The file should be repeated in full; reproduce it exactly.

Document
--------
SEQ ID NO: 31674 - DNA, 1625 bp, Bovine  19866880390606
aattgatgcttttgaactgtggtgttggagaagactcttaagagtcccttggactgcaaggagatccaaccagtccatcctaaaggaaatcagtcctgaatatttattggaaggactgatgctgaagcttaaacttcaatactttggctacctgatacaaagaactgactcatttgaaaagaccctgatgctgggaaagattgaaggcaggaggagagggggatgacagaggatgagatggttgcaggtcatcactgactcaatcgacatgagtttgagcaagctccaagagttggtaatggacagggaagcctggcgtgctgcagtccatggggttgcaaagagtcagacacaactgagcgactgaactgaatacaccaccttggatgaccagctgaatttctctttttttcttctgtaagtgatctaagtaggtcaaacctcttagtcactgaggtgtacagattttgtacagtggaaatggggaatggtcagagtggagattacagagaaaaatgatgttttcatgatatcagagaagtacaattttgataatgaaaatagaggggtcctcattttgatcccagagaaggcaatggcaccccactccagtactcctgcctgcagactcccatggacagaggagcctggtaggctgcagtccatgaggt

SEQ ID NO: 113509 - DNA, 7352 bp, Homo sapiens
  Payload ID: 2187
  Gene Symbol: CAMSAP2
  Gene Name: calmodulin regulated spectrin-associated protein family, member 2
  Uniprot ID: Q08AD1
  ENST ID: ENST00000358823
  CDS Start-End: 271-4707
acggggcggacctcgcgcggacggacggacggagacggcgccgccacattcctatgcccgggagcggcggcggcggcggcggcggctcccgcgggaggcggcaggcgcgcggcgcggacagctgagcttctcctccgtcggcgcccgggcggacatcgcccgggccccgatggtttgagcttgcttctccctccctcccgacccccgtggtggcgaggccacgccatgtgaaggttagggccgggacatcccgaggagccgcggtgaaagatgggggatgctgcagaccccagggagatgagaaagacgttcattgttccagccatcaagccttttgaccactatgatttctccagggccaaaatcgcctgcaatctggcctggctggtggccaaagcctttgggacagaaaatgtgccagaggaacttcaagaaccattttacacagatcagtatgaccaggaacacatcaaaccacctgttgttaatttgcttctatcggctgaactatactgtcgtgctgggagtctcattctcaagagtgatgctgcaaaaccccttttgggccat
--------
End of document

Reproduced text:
SEQ ID NO: 31674 - DNA, 1625 bp, Bovine  19866880390606
aattgatgcttttgaactgtggtgttggagaagactcttaagagtcccttggactgcaaggagatccaaccagtccatcctaaaggaaatcagtcctgaatatttattggaaggactgatgctgaagcttaaacttcaatactttggctacctgatacaaagaactgactcatttgaaaagaccctgatgctgggaaagattgaaggcaggaggagagggggatgacagaggatgagatggttgcaggtcatcactgactcaatcgacatgagtttgagcaagctccaagagttggtaatggacagggaagcctggcgtgctgcagtccatggggttgcaaagagtcagacacaactgagcgactgaactgaatacaccaccttggatgaccagctgaatttctctttttttcttctgtaagtgatctaagtaggtcaaacctcttagtcactgaggtgtacagattttgtacagtggaaatggggaatggtcagagtggagattacagagaaaaatgatgttttcatgatatcagagaagtacaattttgataatgaaaatagaggggtcctcattttgatcccagagaaggcaatggcaccccactccagtactcctgcctgcagactcccatggacagaggagcctggtaggctgcagtccatgaggt

SEQ ID NO: 113509 - DNA, 7352 bp, Homo sapiens
  Payload ID: 2187
  Gene Symbol: CAMSAP2
  Gene Name: calmodulin regulated spectrin-associated protein family, member 2
  Uniprot ID: Q08AD1
  ENST ID: ENST00000358823
  CDS Start-End: 271-4707
acggggcggacctcgcgcggacggacggacggagacggcgccgccacattcctatgcccgggagcggcggcggcggcggcggcggctcccgcgggaggcggcaggcgcgcggcgcggacagctgagcttctcctccgtcggcgcccgggcggacatcgcccgggccccgatggtttgagcttgcttctccctccctcccgacccccgtggtggcgaggccacgccatgtgaaggttagggccgggacatcccgaggagccgcggtgaaagatgggggatgctgcagaccccagggagatgagaaagacgttcattgttccagccatcaagccttttgaccactatgatttctccagggccaaaatcgcctgcaatctggcctggctggtggccaaagcctttgggacagaaaatgtgccagaggaacttcaagaaccattttacacagatcagtatgaccaggaacacatcaaaccacctgttgttaatttgcttctatcggctgaactatactgtcgtgctgggagtctcattctcaagagtgatgctgcaaaaccccttttgggccat